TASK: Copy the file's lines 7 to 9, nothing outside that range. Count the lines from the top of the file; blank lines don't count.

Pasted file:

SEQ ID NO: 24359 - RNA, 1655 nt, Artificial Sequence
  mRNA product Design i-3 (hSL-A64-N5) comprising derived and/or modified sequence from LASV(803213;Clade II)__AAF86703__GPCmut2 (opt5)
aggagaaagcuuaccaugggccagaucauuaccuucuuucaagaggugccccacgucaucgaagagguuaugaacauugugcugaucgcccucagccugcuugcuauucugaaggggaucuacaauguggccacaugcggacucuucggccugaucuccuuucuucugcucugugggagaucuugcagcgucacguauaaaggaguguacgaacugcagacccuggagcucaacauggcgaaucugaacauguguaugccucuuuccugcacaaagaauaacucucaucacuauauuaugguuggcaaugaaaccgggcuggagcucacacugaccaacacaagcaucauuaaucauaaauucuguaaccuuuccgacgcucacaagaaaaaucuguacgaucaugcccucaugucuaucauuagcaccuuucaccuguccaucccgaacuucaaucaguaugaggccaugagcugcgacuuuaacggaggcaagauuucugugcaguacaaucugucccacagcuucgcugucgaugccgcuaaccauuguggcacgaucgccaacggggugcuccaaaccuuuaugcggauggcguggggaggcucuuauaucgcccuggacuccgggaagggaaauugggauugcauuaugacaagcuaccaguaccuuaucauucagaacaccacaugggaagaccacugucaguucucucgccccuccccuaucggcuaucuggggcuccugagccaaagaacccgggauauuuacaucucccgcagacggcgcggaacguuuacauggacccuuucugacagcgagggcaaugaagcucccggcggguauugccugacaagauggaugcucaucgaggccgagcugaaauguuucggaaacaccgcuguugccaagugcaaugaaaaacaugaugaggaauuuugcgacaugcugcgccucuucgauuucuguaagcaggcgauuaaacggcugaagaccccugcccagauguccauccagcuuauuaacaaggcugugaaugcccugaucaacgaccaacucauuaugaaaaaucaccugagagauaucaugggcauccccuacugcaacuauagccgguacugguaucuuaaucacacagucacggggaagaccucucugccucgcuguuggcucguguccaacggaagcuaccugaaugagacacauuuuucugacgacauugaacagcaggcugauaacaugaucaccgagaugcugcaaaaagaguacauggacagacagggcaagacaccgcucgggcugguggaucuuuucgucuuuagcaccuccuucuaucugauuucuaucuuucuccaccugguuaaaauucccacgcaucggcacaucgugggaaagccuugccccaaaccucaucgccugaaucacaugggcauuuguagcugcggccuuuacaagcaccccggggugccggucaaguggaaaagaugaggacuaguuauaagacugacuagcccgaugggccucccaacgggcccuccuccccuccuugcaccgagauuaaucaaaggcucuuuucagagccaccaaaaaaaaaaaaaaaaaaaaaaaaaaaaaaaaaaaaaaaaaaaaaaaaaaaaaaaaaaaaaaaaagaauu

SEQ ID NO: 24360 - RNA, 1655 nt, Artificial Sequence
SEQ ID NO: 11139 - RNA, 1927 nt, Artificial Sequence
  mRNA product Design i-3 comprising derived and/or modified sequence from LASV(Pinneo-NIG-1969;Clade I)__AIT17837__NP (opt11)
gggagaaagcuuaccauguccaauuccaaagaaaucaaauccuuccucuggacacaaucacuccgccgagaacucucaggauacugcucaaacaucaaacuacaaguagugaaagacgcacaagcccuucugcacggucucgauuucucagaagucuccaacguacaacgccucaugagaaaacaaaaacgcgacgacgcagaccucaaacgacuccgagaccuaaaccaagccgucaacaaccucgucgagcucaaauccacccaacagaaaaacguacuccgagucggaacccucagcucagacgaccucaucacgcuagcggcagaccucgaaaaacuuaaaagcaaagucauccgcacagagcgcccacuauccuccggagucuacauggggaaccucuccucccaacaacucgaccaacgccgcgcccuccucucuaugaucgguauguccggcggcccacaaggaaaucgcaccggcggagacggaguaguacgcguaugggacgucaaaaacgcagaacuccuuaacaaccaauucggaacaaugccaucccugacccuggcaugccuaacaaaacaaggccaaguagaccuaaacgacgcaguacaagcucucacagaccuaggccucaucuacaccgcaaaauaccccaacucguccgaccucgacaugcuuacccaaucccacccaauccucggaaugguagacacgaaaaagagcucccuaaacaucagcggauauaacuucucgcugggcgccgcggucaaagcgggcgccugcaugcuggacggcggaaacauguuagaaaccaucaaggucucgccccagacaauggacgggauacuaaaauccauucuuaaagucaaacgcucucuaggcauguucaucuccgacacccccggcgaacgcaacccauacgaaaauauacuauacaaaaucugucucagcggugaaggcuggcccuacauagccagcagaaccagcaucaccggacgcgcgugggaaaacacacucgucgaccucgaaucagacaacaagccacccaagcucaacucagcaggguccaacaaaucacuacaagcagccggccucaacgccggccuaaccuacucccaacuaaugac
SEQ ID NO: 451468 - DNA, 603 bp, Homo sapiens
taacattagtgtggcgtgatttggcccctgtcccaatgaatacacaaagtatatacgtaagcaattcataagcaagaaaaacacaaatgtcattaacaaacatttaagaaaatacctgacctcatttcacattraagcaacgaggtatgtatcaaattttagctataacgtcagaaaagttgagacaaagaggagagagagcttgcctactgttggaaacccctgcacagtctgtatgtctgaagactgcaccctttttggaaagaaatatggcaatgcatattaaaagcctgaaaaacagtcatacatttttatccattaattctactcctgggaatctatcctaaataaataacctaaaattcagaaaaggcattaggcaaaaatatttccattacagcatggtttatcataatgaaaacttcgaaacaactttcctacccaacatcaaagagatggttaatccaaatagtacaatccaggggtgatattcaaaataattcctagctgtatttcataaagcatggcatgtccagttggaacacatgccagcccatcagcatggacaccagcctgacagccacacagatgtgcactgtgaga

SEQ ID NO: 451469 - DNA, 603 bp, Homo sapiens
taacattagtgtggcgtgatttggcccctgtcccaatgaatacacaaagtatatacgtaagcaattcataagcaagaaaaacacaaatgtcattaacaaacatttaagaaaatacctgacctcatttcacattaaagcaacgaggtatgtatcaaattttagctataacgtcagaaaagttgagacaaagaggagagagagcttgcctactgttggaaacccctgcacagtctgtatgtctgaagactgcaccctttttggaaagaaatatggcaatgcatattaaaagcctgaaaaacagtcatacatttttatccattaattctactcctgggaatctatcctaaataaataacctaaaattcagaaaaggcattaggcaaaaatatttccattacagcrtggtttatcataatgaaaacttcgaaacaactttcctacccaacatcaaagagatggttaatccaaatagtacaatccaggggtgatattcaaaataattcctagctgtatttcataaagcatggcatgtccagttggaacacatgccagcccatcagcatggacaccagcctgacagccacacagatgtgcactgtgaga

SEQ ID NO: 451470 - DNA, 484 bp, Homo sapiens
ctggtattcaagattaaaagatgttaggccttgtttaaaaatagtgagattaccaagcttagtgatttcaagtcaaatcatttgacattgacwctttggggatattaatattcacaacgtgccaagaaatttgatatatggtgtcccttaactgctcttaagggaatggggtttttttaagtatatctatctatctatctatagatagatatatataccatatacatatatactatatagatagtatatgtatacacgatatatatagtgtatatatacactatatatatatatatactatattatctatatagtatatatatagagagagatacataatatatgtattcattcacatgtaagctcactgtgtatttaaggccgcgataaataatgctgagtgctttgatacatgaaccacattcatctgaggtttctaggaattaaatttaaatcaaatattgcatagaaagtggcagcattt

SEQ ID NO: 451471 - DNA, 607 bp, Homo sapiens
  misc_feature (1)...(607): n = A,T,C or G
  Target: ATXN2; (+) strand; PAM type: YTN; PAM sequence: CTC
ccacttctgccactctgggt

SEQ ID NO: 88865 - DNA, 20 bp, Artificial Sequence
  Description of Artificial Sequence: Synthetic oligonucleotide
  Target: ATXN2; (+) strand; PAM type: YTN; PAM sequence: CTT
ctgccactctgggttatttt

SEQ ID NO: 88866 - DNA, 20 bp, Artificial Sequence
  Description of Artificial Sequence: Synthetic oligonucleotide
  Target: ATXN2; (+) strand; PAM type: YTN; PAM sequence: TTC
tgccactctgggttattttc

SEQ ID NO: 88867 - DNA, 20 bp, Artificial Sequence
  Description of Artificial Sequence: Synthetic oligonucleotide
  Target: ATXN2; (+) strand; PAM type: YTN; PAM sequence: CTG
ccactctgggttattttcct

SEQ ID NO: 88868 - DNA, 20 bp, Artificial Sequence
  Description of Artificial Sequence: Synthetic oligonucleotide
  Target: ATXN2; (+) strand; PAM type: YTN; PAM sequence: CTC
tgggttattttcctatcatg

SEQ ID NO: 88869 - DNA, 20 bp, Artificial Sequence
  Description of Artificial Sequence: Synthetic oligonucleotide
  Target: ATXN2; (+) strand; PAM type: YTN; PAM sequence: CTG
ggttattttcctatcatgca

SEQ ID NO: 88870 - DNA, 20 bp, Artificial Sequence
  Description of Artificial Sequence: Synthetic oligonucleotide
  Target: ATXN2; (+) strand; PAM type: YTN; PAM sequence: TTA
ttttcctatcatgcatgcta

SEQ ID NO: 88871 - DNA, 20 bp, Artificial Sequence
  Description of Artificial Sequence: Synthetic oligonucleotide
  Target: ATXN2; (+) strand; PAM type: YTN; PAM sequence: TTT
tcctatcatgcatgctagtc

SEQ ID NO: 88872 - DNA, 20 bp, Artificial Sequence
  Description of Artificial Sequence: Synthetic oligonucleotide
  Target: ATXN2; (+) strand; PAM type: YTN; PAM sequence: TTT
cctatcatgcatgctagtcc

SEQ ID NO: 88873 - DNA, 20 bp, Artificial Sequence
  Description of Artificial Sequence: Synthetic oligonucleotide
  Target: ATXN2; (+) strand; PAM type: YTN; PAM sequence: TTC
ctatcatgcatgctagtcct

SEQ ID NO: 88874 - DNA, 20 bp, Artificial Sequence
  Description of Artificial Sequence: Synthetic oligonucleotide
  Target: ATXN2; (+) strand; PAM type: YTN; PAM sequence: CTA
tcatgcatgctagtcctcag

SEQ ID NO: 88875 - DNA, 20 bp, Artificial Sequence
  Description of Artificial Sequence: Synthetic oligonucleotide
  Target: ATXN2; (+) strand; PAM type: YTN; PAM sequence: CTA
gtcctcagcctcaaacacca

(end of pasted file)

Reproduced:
gggagaaagcuuaccauguccaauuccaaagaaaucaaauccuuccucuggacacaaucacuccgccgagaacucucaggauacugcucaaacaucaaacuacaaguagugaaagacgcacaagcccuucugcacggucucgauuucucagaagucuccaacguacaacgccucaugagaaaacaaaaacgcgacgacgcagaccucaaacgacuccgagaccuaaaccaagccgucaacaaccucgucgagcucaaauccacccaacagaaaaacguacuccgagucggaacccucagcucagacgaccucaucacgcuagcggcagaccucgaaaaacuuaaaagcaaagucauccgcacagagcgcccacuauccuccggagucuacauggggaaccucuccucccaacaacucgaccaacgccgcgcccuccucucuaugaucgguauguccggcggcccacaaggaaaucgcaccggcggagacggaguaguacgcguaugggacgucaaaaacgcagaacuccuuaacaaccaauucggaacaaugccaucccugacccuggcaugccuaacaaaacaaggccaaguagaccuaaacgacgcaguacaagcucucacagaccuaggccucaucuacaccgcaaaauaccccaacucguccgaccucgacaugcuuacccaaucccacccaauccucggaaugguagacacgaaaaagagcucccuaaacaucagcggauauaacuucucgcugggcgccgcggucaaagcgggcgccugcaugcuggacggcggaaacauguuagaaaccaucaaggucucgccccagacaauggacgggauacuaaaauccauucuuaaagucaaacgcucucuaggcauguucaucuccgacacccccggcgaacgcaacccauacgaaaauauacuauacaaaaucugucucagcggugaaggcuggcccuacauagccagcagaaccagcaucaccggacgcgcgugggaaaacacacucgucgaccucgaaucagacaacaagccacccaagcucaacucagcaggguccaacaaaucacuacaagcagccggccucaacgccggccuaaccuacucccaacuaaugac
SEQ ID NO: 451468 - DNA, 603 bp, Homo sapiens
taacattagtgtggcgtgatttggcccctgtcccaatgaatacacaaagtatatacgtaagcaattcataagcaagaaaaacacaaatgtcattaacaaacatttaagaaaatacctgacctcatttcacattraagcaacgaggtatgtatcaaattttagctataacgtcagaaaagttgagacaaagaggagagagagcttgcctactgttggaaacccctgcacagtctgtatgtctgaagactgcaccctttttggaaagaaatatggcaatgcatattaaaagcctgaaaaacagtcatacatttttatccattaattctactcctgggaatctatcctaaataaataacctaaaattcagaaaaggcattaggcaaaaatatttccattacagcatggtttatcataatgaaaacttcgaaacaactttcctacccaacatcaaagagatggttaatccaaatagtacaatccaggggtgatattcaaaataattcctagctgtatttcataaagcatggcatgtccagttggaacacatgccagcccatcagcatggacaccagcctgacagccacacagatgtgcactgtgaga